Tech

Piggyback on the net? – What is wrong with national roaming

5G should make the country better, more digital, smarter. Autonomous driving, telemedicine, intelligent trash cans: the telecommunications companies are happy to outdo each other with new milestones and visions. But not only Telekom and Vodafone, who already have quite a few 5G masts in large cities, but also Telefónica and 1 & 1 Drillisch put billions on the table for the corresponding frequencies. The latter have not yet started to expand. Cooperation between competitors is required – and there is still a problem one year after the frequency auction.



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Unlike the three competitors, the United Internet subsidiary 1 & 1 Drillisch based in Maintal does not yet have its own mobile network. That should change: With the auction of rights of use for 5G frequencies, the company has positioned itself to become the fourth network operator. Since some 1 & 1 frequency blocks will only be available in a few years, the company will rent some from Telefónica until then.

But that’s not all: It will take years before 1 & 1 Drillisch can offer a comprehensive 5G network. However, since the company does not operate its own 4G network unlike its competitors, help is needed. “In the beginning, we are dependent on roaming capacities,” explains CEO Ralph Dommermuth in an interview with the German Press Agency. “Nobody wants to use a mobile phone contract that only works in Cologne, Düsseldorf or Munich, for example. Everyone wants to surf and make calls everywhere.” That means: Drillisch virtually wants to rent rights so that its own customers outside the expansion zone do not fall into the deadlock, but can use the networks of their competitors.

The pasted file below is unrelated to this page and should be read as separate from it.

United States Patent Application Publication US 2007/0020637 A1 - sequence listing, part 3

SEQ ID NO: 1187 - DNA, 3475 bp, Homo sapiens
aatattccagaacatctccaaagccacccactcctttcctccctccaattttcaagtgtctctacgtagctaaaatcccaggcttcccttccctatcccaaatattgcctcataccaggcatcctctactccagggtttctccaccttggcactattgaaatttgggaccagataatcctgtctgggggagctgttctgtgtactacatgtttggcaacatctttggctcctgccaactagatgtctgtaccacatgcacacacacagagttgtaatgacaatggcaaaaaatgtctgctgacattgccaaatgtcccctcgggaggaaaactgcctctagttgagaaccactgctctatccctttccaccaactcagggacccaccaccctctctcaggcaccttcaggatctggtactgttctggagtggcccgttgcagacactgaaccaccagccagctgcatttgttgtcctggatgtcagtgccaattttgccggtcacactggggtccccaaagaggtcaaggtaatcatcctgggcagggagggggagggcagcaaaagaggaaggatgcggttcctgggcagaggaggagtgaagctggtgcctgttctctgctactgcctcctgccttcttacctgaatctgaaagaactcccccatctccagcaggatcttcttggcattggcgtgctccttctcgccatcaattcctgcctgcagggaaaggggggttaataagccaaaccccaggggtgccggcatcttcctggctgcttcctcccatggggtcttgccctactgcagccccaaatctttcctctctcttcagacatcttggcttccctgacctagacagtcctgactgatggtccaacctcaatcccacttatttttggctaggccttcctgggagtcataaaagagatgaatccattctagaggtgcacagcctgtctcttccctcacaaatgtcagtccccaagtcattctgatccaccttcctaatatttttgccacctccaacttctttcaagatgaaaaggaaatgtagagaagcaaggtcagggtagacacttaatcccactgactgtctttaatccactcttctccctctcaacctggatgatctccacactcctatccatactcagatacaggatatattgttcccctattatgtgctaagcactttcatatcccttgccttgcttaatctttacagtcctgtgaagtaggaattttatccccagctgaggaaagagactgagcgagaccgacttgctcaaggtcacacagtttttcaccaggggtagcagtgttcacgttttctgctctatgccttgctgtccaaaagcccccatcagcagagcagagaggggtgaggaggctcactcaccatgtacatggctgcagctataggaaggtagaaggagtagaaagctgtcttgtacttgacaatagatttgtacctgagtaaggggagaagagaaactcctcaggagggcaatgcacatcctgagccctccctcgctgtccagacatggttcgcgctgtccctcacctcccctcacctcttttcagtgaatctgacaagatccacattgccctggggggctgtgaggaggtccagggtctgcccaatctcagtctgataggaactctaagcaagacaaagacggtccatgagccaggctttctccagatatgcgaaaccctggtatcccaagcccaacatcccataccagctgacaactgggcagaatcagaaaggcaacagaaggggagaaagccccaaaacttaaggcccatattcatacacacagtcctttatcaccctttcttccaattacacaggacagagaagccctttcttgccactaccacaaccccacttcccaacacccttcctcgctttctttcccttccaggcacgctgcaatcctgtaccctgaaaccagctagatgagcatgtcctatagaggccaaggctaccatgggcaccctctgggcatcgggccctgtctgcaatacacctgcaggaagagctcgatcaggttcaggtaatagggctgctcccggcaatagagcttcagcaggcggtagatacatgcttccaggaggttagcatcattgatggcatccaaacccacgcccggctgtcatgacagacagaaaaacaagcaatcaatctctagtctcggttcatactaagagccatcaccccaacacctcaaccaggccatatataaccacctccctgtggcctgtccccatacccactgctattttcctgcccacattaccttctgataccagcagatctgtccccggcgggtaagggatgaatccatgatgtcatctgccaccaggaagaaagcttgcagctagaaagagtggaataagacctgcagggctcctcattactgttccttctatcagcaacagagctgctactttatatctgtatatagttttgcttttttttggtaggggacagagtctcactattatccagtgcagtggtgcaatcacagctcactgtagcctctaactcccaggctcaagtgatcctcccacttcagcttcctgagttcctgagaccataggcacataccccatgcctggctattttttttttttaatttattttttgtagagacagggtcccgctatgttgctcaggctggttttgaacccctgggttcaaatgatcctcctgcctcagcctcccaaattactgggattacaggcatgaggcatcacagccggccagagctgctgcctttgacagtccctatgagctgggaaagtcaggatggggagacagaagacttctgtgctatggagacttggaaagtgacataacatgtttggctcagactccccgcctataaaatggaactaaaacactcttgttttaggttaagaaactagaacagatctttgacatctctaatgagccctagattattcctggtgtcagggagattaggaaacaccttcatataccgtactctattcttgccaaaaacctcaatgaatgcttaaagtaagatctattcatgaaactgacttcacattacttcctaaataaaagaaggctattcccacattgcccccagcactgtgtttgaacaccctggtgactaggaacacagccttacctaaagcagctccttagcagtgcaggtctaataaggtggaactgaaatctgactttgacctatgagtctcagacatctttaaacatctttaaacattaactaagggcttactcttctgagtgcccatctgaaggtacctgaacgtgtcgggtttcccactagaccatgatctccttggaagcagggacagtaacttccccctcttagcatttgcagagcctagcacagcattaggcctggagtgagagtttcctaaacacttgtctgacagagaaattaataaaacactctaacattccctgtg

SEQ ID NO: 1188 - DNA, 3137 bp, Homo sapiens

The requirements of the Federal Network Agency stipulated in the frequency auction prescribe a so-called “negotiation requirement” for the network operators: there is therefore no obligation to rent out the networks – that is, to operate so-called national roaming, but at least negotiations must be in progress. That also happened – but much more intensely and longer than hoped by 1 & 1 Drillisch. “We are now a year ahead and still have no national roaming,” complains Dommermuth. “It was clear that this would not be a walk.” However, the company’s original schedule was to end the talks in autumn 2019.

Instead, there is still no agreement. “We have received offers that do not allow us to have a product that is in line with the market,” says Dommermuth. The three top dogs are keeping their secrecy in view of the ongoing negotiations, but let it be clear that they disagree clearly. “We are open to third-party business – as long as this is done on reasonable commercial terms,” ​​said Telecom CFO Christian Illek in a conference call.